DeFi News: Ethereum Layer 2’s Solution to Scalability
The beauty of crypto lies not in its decentralization but its volatility. In recent days, this has been tapering as the crypto liquidity deepens. Still, traders relish huge price spikes. Irrespective of the turn, it triggers a weird euphoria that’s unique to digital asset traders.
Admittedly, this week was relatively uneventful and less volatile, save for the last two days. Bitcoin went down—dashing the hopes of many traders, then recovered—resulting in some beaming smiles, but then stagnated on Friday as it traded within a tight trade range.
Meanwhile, Ethereans had to contend with a kind-of a boring chart and flat-lining prices—at least in higher time frames. As expected, the Ethereum price kept underperforming relative to Bitcoin and continues to be thrashed by the USD.
Undoubtedly, the greenback has its mojo back. But if airplanes were falling stars, crypto traders and especially ETH and DeFi fans should at least smile for now. DeFi traders can’t take it anymore.
Aave, Uniswap, and Synthetix Lead DeFi in Migration to Ethereum
The writing was on the wall. Even Vitalik Buterin had projected it early this year. He urged intensive heavy platforms to migrate to layer-2 protocols to ease the base layer.
Unlike other chains, Ethereum has a “sweet problem” to tackle. While others struggle with a super-scalable network with no demand, Ethereum is on-demand but with a painfully slow network. This is part of the blockchain trilemma and sacrifices were made. By Sep 24, the total network utilization rate was at 97 percent. The result was huge block sizes and the Ethereum bidding algorithm just couldn’t help but select the highest bidder wishing to include his/her transaction in the next available block.
To better improve user experience, Synthetix activated Fomalhaut on Sep 24 and the Optimistic Ethereum team launched their test network on Sep 25.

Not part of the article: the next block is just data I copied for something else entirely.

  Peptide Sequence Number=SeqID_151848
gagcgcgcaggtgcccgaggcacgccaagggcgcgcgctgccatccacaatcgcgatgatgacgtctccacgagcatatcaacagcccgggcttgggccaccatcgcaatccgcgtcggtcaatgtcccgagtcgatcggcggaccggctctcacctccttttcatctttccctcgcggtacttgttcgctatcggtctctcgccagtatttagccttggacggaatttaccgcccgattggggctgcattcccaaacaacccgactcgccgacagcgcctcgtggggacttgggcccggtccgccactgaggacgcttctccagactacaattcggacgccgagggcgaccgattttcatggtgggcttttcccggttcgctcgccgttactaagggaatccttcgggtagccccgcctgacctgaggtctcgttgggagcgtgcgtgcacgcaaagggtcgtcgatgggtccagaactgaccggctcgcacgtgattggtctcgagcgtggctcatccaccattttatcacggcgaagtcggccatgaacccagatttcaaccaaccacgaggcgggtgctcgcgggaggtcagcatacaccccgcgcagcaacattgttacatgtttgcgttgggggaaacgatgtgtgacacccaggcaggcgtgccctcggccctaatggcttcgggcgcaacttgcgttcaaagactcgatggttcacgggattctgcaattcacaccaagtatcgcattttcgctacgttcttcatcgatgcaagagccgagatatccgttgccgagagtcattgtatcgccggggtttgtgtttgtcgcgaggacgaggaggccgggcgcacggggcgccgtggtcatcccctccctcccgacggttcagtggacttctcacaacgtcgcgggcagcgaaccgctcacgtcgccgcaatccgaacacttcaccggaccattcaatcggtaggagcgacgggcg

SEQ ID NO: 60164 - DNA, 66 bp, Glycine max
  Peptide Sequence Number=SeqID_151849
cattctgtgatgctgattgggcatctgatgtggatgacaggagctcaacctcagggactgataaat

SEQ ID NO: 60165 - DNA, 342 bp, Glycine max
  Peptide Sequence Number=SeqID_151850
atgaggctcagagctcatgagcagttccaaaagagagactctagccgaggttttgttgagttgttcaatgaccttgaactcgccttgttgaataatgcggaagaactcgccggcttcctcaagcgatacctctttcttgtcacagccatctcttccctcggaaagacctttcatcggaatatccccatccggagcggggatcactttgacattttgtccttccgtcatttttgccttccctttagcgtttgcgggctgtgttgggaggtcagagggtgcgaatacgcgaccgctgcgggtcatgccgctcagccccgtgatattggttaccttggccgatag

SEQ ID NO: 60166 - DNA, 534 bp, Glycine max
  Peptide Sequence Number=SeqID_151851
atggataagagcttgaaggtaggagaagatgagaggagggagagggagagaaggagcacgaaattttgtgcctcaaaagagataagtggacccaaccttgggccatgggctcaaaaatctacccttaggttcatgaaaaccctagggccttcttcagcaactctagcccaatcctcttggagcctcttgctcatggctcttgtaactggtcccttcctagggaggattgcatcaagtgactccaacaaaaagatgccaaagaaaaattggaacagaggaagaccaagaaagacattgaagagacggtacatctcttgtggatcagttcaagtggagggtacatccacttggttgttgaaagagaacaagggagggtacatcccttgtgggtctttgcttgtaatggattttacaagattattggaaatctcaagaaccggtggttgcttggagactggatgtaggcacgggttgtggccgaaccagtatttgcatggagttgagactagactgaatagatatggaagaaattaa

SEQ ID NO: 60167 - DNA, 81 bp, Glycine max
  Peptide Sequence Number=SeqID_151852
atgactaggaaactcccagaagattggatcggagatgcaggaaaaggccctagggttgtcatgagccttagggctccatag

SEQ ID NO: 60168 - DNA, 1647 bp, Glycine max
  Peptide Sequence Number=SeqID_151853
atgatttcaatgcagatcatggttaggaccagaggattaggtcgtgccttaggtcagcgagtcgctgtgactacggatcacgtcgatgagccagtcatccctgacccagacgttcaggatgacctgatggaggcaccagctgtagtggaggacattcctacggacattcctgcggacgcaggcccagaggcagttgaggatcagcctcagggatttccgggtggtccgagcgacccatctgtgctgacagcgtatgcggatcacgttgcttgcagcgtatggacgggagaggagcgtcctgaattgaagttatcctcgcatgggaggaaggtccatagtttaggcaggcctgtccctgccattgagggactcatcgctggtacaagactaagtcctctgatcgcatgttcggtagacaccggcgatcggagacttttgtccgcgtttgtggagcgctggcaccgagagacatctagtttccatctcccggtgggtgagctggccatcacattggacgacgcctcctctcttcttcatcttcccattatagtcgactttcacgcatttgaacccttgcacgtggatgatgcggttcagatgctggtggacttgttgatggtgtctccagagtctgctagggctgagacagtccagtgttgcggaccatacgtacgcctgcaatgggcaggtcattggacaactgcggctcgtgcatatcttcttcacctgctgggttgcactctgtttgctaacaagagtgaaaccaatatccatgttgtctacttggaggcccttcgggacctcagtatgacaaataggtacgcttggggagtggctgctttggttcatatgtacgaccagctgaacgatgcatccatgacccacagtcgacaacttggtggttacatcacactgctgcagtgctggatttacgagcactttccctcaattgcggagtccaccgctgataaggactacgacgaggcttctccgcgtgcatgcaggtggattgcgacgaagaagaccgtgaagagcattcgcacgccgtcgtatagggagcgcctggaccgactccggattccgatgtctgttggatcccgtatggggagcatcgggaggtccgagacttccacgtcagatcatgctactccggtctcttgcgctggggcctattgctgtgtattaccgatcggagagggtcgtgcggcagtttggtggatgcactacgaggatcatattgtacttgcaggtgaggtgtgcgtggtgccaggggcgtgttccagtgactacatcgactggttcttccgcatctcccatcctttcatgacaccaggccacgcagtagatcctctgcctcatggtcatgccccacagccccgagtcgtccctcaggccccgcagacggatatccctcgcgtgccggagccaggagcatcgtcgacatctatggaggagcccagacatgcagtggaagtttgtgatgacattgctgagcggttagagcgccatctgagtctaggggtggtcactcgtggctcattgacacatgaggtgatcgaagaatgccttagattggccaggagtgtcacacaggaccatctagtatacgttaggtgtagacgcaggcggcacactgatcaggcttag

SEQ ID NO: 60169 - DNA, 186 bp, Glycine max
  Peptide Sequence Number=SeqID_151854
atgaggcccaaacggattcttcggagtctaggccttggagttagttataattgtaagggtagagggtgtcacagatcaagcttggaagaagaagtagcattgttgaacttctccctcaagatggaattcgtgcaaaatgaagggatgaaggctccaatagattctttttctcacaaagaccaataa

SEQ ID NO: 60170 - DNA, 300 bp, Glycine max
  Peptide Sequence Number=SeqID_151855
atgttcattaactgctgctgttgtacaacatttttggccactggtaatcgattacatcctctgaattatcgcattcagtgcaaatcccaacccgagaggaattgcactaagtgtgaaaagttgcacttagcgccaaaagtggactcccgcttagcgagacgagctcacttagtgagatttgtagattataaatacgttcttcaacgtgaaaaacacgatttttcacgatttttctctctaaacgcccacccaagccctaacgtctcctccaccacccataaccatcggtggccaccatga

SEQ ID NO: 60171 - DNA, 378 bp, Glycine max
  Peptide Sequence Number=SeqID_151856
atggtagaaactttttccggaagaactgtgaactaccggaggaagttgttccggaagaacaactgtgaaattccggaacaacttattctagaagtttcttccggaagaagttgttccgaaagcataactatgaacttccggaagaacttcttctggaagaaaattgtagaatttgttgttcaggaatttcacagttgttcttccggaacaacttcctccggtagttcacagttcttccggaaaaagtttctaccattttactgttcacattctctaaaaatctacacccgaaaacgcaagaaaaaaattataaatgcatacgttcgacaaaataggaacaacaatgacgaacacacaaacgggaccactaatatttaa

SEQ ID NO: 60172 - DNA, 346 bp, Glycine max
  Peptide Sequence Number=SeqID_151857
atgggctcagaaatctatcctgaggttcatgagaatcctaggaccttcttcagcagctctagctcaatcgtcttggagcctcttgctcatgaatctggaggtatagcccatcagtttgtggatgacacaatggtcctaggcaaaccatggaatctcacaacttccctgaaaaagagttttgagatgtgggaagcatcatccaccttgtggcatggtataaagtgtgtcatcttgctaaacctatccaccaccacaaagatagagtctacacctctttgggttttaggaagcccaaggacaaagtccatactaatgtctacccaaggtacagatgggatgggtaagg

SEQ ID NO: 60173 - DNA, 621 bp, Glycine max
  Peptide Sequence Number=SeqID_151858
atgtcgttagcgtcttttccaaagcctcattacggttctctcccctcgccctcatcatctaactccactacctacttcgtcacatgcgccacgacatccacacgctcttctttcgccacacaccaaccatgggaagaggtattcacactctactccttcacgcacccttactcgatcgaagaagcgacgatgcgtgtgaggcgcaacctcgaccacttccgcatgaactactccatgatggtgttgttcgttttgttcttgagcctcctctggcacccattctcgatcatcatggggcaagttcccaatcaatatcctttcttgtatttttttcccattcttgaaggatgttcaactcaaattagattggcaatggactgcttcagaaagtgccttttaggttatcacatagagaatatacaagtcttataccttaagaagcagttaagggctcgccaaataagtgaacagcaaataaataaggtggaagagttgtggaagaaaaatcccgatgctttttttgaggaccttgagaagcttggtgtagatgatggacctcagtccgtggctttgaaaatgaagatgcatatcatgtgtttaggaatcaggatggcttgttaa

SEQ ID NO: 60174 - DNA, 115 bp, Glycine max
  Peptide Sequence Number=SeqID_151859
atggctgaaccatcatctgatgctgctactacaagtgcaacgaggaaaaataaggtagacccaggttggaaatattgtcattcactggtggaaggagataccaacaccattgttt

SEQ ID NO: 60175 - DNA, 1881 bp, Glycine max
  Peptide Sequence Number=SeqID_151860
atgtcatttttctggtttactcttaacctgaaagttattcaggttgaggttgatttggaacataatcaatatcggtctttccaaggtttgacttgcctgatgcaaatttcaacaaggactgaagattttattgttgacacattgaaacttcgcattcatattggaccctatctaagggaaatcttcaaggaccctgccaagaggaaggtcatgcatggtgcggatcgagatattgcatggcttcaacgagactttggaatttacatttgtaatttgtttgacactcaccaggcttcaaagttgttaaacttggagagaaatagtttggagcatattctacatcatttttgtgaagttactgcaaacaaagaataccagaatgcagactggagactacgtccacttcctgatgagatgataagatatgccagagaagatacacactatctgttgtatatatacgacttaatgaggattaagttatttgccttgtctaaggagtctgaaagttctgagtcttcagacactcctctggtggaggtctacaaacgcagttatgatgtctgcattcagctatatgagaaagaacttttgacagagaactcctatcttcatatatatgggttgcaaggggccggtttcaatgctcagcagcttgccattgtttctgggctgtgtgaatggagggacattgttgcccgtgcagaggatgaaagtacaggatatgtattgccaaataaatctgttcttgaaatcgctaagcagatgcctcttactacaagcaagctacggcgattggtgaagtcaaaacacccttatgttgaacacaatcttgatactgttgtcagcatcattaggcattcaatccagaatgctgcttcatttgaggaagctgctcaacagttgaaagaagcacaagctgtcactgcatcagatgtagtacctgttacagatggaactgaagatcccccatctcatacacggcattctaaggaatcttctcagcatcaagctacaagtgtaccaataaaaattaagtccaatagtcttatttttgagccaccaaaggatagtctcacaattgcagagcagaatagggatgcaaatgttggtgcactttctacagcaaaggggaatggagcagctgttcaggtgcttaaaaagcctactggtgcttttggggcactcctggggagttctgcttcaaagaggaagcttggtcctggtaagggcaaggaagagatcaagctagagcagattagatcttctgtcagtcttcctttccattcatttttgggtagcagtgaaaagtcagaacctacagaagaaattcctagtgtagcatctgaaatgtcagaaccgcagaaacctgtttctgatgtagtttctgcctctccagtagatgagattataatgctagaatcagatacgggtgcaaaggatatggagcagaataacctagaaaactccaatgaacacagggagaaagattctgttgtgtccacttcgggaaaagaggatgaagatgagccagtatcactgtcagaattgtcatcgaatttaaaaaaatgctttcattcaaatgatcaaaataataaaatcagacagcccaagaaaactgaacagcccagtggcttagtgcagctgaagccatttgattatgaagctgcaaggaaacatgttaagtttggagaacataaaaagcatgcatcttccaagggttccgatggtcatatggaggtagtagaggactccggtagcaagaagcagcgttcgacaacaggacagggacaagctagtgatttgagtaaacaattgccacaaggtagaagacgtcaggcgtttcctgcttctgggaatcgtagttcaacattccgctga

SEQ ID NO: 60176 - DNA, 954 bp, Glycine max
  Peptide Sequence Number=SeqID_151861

Later this year, Aave and Uniswap plan to join the Layer 2 bandwagon, a trend other popular platforms will hopefully join, in a collaborative move to lower transaction fees. This will have a multiplicative effect. Lower Gas prices trigger demand which in turn props prices.
All this is ahead of Eth2 which should shake the scalability of Ethereum. The drive towards efficiency doesn’t stop with Ethereum at least judging from developments in the United States.
Federal Reserve Unveils More Details About US Digital Dollar
On Thursday, September 24, the Federal Reserve Bank of Cleveland disclosed more details about their ongoing research in Digital Dollar. During the keynote address earlier this week, President Loretta Mester said that the U.S. has been exploring the CBDC even before the Coronavirus pandemic struck.
He said that the Board of Governors for the Federal Reserve has been “building and testing a range of distributed ledger platforms to understand their potential benefits and tradeoffs.” The President also spoke about a new initiative by the regional branches of the Federal Reserve. This includes a multi-year partnership between the Boston Fed and the Massachusetts Institute of Technology (MIT), as well as the recent collaboration between the Bank for International Settlements (BIS) and the Fed’s New York Branch.